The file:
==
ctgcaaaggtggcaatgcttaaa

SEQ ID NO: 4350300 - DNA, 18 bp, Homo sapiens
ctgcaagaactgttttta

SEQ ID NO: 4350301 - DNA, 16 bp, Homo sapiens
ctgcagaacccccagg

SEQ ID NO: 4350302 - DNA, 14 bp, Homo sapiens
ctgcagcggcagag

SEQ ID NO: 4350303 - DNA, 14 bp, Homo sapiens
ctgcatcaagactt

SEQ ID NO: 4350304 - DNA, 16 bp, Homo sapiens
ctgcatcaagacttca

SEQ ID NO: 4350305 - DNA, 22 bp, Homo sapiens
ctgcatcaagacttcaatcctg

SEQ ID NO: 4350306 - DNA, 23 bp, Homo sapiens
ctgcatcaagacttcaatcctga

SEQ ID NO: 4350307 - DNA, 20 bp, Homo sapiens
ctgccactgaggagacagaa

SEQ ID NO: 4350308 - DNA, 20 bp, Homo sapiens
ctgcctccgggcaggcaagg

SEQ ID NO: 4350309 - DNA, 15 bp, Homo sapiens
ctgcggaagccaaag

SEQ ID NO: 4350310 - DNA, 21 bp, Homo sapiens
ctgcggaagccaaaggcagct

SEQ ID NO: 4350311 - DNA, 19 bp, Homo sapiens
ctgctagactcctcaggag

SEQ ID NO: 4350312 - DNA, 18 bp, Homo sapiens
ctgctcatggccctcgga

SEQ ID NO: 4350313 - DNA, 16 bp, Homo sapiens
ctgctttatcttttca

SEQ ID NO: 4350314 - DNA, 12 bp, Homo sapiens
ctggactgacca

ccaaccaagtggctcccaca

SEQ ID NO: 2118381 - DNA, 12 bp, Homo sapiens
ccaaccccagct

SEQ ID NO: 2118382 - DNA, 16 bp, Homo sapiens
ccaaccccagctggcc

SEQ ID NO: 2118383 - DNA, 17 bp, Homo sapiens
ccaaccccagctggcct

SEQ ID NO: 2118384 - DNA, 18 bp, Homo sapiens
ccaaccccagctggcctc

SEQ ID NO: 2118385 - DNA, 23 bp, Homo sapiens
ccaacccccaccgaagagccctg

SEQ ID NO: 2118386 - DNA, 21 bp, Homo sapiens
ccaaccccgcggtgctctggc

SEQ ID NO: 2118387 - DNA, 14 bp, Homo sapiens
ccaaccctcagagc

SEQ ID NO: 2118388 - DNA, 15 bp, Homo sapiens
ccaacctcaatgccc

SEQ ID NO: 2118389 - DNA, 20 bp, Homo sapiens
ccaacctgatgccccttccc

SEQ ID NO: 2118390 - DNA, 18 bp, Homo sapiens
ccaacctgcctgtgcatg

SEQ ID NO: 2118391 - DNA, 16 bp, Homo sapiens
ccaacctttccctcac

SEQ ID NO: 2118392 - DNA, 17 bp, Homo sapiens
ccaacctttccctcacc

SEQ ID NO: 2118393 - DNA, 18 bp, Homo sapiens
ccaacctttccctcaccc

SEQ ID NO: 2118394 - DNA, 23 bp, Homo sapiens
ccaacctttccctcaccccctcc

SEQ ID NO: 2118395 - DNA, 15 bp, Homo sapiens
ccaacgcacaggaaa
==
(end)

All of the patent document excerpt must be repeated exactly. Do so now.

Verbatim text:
ctgcaaaggtggcaatgcttaaa

SEQ ID NO: 4350300 - DNA, 18 bp, Homo sapiens
ctgcaagaactgttttta

SEQ ID NO: 4350301 - DNA, 16 bp, Homo sapiens
ctgcagaacccccagg

SEQ ID NO: 4350302 - DNA, 14 bp, Homo sapiens
ctgcagcggcagag

SEQ ID NO: 4350303 - DNA, 14 bp, Homo sapiens
ctgcatcaagactt

SEQ ID NO: 4350304 - DNA, 16 bp, Homo sapiens
ctgcatcaagacttca

SEQ ID NO: 4350305 - DNA, 22 bp, Homo sapiens
ctgcatcaagacttcaatcctg

SEQ ID NO: 4350306 - DNA, 23 bp, Homo sapiens
ctgcatcaagacttcaatcctga

SEQ ID NO: 4350307 - DNA, 20 bp, Homo sapiens
ctgccactgaggagacagaa

SEQ ID NO: 4350308 - DNA, 20 bp, Homo sapiens
ctgcctccgggcaggcaagg

SEQ ID NO: 4350309 - DNA, 15 bp, Homo sapiens
ctgcggaagccaaag

SEQ ID NO: 4350310 - DNA, 21 bp, Homo sapiens
ctgcggaagccaaaggcagct

SEQ ID NO: 4350311 - DNA, 19 bp, Homo sapiens
ctgctagactcctcaggag

SEQ ID NO: 4350312 - DNA, 18 bp, Homo sapiens
ctgctcatggccctcgga

SEQ ID NO: 4350313 - DNA, 16 bp, Homo sapiens
ctgctttatcttttca

SEQ ID NO: 4350314 - DNA, 12 bp, Homo sapiens
ctggactgacca

ccaaccaagtggctcccaca

SEQ ID NO: 2118381 - DNA, 12 bp, Homo sapiens
ccaaccccagct

SEQ ID NO: 2118382 - DNA, 16 bp, Homo sapiens
ccaaccccagctggcc

SEQ ID NO: 2118383 - DNA, 17 bp, Homo sapiens
ccaaccccagctggcct

SEQ ID NO: 2118384 - DNA, 18 bp, Homo sapiens
ccaaccccagctggcctc

SEQ ID NO: 2118385 - DNA, 23 bp, Homo sapiens
ccaacccccaccgaagagccctg

SEQ ID NO: 2118386 - DNA, 21 bp, Homo sapiens
ccaaccccgcggtgctctggc

SEQ ID NO: 2118387 - DNA, 14 bp, Homo sapiens
ccaaccctcagagc

SEQ ID NO: 2118388 - DNA, 15 bp, Homo sapiens
ccaacctcaatgccc

SEQ ID NO: 2118389 - DNA, 20 bp, Homo sapiens
ccaacctgatgccccttccc

SEQ ID NO: 2118390 - DNA, 18 bp, Homo sapiens
ccaacctgcctgtgcatg

SEQ ID NO: 2118391 - DNA, 16 bp, Homo sapiens
ccaacctttccctcac

SEQ ID NO: 2118392 - DNA, 17 bp, Homo sapiens
ccaacctttccctcacc

SEQ ID NO: 2118393 - DNA, 18 bp, Homo sapiens
ccaacctttccctcaccc

SEQ ID NO: 2118394 - DNA, 23 bp, Homo sapiens
ccaacctttccctcaccccctcc

SEQ ID NO: 2118395 - DNA, 15 bp, Homo sapiens
ccaacgcacaggaaa